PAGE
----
Two days after the state asked a Newton County judge to force a temporary shutdown of the plant, U.S. Rep. Jody Hice has called on Becton, Dickinson and Co. to suspend operations in Covington.
Georgia Attorney General Chris Carr on Monday filed a request for a temporary restraining order that would stop BD from operating its medical device sterilization plant in Covington due to an alleged violation of the state Air Quality Act.
The company is accused of allowing 54.5 pounds of ethylene oxide into the atmosphere between Sept. 15-22. The state is claiming a lack of diligence and prolonged operator error by the New Jersey-based company.
Nadgey Louis-Charles, a spokesperson for Hice, said he’s urged the federal Environmental Protection Agency to release updated regulations for sterilization facilities like the Covington BD plant that use ethylene oxide, also known as EtO.
“These new regulations are long overdue, and Congressman Hice will continue to press the EPA to carry out its duty to regulate EtO through proper methods,” Louis-Charles said in an exclusive statement to The Walton Tribune and The Covington News.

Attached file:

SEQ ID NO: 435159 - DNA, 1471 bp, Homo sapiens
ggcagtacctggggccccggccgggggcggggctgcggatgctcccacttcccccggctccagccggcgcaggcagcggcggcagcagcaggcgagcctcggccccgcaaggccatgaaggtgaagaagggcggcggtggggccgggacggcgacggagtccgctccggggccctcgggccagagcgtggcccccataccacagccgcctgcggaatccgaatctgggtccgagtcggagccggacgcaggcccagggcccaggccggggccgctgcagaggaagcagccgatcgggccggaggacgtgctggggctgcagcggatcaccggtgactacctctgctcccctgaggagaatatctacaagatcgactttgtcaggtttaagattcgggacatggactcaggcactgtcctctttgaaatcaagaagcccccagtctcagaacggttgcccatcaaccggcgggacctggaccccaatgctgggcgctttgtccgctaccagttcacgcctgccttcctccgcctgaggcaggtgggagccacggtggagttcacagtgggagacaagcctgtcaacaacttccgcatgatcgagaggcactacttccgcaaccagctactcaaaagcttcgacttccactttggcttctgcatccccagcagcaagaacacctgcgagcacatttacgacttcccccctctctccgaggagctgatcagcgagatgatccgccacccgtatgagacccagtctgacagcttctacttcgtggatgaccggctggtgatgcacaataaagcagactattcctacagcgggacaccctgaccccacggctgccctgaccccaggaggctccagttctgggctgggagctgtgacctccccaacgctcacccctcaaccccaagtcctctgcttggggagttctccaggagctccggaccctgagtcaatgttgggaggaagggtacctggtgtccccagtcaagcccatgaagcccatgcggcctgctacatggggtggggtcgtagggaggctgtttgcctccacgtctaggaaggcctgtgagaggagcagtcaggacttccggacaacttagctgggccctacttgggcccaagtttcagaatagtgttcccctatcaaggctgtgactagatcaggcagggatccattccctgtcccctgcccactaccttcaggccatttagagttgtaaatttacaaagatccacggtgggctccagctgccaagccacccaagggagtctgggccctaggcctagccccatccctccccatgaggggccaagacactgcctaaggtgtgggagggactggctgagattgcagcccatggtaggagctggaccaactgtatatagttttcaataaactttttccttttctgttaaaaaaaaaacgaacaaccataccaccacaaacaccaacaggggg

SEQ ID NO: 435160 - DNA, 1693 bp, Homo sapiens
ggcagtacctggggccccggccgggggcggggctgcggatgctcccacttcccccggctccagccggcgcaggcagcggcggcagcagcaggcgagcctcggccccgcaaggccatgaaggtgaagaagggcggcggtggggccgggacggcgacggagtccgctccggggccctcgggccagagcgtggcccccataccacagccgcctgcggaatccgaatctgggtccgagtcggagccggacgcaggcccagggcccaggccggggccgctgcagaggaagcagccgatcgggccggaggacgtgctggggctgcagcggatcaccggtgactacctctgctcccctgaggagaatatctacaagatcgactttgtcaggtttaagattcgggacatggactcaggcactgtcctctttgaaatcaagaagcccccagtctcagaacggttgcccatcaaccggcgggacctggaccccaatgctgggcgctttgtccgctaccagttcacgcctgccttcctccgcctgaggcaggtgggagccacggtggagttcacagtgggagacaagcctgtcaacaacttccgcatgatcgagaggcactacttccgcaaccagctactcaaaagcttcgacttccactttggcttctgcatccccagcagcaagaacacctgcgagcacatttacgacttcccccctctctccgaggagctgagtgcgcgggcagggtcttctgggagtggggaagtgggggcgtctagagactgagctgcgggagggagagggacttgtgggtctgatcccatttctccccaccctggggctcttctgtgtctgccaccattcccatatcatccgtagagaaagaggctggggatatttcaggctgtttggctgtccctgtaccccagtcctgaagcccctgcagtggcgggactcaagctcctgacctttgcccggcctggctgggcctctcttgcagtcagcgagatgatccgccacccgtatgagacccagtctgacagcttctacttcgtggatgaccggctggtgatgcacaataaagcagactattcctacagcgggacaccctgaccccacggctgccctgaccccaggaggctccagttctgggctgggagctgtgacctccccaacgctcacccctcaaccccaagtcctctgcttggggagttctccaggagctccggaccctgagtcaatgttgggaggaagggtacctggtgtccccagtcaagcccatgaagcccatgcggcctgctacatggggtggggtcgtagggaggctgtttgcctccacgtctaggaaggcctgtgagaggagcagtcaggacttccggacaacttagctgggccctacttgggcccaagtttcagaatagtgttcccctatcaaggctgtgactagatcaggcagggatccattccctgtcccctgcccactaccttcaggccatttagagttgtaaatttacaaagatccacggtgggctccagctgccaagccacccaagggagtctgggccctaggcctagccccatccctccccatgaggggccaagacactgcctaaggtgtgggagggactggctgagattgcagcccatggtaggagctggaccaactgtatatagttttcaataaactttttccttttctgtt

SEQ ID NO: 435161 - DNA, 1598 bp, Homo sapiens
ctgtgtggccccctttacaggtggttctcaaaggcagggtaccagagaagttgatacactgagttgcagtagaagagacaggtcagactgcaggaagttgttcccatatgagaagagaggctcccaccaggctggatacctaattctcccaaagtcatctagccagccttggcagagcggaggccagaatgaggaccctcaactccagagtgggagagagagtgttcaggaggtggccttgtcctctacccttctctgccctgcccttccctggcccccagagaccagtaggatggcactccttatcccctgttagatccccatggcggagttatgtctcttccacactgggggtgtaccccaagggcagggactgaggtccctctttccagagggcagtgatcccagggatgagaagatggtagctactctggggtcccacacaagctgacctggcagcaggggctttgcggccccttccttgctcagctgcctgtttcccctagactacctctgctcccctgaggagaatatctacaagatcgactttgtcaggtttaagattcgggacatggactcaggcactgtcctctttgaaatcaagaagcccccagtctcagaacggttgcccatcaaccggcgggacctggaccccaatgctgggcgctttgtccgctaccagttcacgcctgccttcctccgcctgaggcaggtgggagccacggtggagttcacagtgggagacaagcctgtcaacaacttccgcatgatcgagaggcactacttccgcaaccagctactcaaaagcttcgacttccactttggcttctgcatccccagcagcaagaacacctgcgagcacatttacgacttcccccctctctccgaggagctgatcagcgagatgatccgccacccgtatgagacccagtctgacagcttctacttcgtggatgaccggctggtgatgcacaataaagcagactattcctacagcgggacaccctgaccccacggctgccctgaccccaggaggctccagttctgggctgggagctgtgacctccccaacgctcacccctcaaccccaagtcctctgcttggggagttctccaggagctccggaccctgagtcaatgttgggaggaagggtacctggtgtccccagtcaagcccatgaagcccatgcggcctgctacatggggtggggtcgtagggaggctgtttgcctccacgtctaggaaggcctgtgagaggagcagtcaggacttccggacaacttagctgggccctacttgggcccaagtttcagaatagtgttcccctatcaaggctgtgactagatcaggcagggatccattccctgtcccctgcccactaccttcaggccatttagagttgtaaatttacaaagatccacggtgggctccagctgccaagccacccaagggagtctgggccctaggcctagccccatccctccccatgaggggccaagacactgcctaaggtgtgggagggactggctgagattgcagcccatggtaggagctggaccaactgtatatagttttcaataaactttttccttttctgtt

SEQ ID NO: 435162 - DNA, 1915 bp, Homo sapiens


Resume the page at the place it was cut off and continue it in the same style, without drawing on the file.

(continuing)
“Unfortunately, the agency’s actions to fulfill this responsibility have been underwhelming to this point.”
Hice, who is in Washington, said the EtO leak was far larger than the company first reported.
Louis-Charles said the congressman’s request was “in the best interest of the community … while efforts are made to ensure the safety of the company’s employees and the public.”
She noted the complaint filed by Georgia Gov. Brian Kemp and the state Environmental Protection Division, a move the company said was unnecessary.
“Congressman Hice applauds Gov. Kemp’s work to protect Georgians, and he joins the governor in petitioning BD to operate in good faith by engaging in transparent and safe practices at its Covington plant for the good of the community and the state.”
Hice, a Republican from Greensboro, represents eastern Newton County.